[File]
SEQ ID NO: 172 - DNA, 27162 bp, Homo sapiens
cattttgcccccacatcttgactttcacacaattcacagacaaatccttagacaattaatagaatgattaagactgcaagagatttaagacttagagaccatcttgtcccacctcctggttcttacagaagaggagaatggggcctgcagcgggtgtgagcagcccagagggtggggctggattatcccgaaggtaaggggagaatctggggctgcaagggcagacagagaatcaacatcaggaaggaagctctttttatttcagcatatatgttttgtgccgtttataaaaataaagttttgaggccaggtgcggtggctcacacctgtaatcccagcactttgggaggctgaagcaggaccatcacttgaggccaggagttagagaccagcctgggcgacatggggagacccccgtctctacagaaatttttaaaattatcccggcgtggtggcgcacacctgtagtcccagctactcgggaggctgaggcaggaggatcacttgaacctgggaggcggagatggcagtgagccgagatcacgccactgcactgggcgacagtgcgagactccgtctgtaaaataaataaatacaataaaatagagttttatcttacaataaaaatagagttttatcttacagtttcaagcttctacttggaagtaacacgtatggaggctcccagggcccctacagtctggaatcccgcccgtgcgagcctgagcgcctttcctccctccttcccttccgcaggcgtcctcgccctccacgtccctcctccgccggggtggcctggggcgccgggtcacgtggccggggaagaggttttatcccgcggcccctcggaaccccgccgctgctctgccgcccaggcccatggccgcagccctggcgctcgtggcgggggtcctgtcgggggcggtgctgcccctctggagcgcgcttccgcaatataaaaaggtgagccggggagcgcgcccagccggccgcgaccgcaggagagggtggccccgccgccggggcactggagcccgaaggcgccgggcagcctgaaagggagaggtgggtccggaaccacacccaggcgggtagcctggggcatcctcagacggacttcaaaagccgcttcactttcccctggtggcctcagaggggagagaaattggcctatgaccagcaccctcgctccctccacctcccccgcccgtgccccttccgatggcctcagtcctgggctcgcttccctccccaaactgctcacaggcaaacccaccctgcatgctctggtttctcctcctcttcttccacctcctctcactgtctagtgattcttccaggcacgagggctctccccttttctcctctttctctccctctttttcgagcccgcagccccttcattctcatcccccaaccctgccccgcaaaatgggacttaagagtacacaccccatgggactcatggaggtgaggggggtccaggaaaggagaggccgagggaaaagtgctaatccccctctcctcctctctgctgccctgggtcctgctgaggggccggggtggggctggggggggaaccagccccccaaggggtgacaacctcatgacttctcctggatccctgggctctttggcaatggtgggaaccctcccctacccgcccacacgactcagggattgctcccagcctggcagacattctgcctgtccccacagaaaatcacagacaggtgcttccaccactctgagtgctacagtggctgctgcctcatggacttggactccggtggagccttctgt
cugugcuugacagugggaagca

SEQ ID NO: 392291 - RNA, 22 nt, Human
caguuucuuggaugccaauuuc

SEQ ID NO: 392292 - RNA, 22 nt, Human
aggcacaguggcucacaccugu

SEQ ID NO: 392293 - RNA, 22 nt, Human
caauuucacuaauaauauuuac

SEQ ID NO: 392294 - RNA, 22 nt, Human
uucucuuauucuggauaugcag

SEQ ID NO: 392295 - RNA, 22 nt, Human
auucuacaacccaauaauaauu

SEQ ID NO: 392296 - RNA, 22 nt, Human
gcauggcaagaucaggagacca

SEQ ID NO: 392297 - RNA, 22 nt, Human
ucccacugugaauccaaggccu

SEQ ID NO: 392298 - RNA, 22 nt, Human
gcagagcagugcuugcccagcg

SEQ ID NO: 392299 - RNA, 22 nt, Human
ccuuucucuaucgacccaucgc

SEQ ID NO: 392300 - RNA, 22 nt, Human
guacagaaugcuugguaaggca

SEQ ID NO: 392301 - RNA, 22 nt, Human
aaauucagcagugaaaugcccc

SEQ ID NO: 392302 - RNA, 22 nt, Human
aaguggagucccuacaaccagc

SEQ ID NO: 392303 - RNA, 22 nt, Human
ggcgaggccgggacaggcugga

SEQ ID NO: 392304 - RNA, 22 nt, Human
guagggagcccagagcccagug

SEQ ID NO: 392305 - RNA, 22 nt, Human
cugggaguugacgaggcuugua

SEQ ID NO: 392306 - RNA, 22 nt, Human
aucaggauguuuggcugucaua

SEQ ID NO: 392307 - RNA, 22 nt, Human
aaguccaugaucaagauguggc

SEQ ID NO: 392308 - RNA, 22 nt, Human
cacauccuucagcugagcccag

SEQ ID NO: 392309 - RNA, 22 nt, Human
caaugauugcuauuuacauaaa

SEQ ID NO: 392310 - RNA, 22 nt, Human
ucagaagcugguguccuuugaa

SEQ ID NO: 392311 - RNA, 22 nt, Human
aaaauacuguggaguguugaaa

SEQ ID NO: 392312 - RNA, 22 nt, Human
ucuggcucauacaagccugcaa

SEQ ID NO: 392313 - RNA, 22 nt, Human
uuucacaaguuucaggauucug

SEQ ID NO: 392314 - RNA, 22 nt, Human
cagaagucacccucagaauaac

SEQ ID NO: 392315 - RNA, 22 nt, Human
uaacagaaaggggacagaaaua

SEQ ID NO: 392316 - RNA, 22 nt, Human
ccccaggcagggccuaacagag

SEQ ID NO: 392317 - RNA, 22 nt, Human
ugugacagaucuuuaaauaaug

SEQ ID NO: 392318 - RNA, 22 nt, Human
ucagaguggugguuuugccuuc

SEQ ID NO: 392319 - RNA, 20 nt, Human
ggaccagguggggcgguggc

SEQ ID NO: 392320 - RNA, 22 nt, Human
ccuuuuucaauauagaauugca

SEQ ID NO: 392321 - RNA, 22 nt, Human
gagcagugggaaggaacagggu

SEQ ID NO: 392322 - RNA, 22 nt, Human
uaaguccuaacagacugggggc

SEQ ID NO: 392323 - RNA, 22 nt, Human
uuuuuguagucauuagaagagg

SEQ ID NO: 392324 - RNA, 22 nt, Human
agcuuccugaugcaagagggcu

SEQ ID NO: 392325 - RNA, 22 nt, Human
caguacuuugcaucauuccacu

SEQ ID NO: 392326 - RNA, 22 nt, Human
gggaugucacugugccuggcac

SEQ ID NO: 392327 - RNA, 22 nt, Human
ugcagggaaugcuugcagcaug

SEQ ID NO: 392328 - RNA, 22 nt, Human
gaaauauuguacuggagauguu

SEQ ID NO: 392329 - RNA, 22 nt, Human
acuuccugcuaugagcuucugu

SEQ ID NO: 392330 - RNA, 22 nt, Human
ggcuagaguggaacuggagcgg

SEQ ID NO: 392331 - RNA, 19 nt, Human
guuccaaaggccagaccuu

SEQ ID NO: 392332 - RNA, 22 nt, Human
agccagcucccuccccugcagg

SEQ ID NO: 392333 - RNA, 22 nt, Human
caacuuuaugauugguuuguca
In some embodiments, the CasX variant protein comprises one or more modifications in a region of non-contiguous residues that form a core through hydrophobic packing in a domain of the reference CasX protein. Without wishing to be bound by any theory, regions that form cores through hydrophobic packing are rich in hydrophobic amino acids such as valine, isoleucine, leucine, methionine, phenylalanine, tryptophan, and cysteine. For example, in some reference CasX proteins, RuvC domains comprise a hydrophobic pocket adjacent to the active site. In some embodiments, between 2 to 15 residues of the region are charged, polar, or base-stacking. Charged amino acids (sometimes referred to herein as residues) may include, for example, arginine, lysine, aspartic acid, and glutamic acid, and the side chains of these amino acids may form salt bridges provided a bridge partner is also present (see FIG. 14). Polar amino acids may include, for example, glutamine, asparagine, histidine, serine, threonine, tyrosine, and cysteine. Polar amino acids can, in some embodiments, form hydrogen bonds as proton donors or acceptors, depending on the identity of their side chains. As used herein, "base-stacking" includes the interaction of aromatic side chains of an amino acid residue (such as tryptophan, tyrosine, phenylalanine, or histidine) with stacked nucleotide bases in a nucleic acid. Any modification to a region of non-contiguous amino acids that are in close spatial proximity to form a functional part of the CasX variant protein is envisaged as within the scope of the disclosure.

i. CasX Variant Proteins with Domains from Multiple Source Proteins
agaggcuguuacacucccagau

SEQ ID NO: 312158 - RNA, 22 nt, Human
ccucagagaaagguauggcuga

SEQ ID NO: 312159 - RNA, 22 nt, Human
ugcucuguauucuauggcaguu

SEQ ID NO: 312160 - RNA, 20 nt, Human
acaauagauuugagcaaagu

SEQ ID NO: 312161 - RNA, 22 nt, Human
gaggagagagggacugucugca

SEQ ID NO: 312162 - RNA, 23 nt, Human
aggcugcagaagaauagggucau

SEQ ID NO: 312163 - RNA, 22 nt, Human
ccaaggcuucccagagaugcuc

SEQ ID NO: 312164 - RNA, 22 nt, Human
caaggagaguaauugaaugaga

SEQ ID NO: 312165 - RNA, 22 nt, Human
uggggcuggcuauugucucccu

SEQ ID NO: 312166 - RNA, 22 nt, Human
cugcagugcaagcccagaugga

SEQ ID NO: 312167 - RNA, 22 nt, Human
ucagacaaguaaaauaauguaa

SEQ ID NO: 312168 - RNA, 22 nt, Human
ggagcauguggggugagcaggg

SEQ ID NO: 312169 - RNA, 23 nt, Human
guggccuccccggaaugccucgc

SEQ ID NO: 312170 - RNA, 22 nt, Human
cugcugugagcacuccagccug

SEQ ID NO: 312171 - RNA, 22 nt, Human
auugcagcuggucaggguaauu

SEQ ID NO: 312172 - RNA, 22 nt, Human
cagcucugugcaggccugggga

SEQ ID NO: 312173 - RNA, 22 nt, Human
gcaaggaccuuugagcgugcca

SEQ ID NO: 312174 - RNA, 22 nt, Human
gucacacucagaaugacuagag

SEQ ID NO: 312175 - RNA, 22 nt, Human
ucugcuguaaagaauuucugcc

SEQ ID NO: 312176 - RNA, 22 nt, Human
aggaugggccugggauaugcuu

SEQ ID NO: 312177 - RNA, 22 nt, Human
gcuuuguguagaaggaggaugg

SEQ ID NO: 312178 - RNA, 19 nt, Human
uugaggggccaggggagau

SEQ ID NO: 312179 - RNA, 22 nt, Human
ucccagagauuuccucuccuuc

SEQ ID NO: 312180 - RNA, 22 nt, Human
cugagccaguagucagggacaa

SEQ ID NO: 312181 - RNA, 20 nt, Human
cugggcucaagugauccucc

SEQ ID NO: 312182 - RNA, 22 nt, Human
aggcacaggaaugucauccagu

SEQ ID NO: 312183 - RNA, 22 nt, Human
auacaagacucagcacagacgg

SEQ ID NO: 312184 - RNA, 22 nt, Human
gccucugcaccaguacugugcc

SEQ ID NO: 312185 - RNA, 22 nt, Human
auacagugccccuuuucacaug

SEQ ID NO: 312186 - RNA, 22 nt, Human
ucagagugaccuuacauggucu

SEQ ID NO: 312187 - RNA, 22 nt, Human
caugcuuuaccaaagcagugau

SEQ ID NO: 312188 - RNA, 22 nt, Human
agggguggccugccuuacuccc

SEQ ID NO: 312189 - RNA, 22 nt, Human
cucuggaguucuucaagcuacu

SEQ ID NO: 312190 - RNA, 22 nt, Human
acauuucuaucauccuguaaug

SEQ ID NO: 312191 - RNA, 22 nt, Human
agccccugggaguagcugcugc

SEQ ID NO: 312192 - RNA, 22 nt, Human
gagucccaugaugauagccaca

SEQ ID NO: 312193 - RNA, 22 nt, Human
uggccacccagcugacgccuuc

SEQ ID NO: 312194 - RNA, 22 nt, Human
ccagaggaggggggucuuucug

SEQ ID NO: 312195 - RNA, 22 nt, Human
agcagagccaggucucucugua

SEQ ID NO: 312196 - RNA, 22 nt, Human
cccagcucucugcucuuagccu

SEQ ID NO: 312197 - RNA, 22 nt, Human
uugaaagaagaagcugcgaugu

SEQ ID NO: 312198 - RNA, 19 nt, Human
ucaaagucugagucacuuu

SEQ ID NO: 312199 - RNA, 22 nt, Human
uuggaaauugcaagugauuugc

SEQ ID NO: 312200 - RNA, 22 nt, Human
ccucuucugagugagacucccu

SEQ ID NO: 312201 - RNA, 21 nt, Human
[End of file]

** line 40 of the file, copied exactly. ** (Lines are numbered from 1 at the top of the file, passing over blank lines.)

SEQ ID NO: 392309 - RNA, 22 nt, Human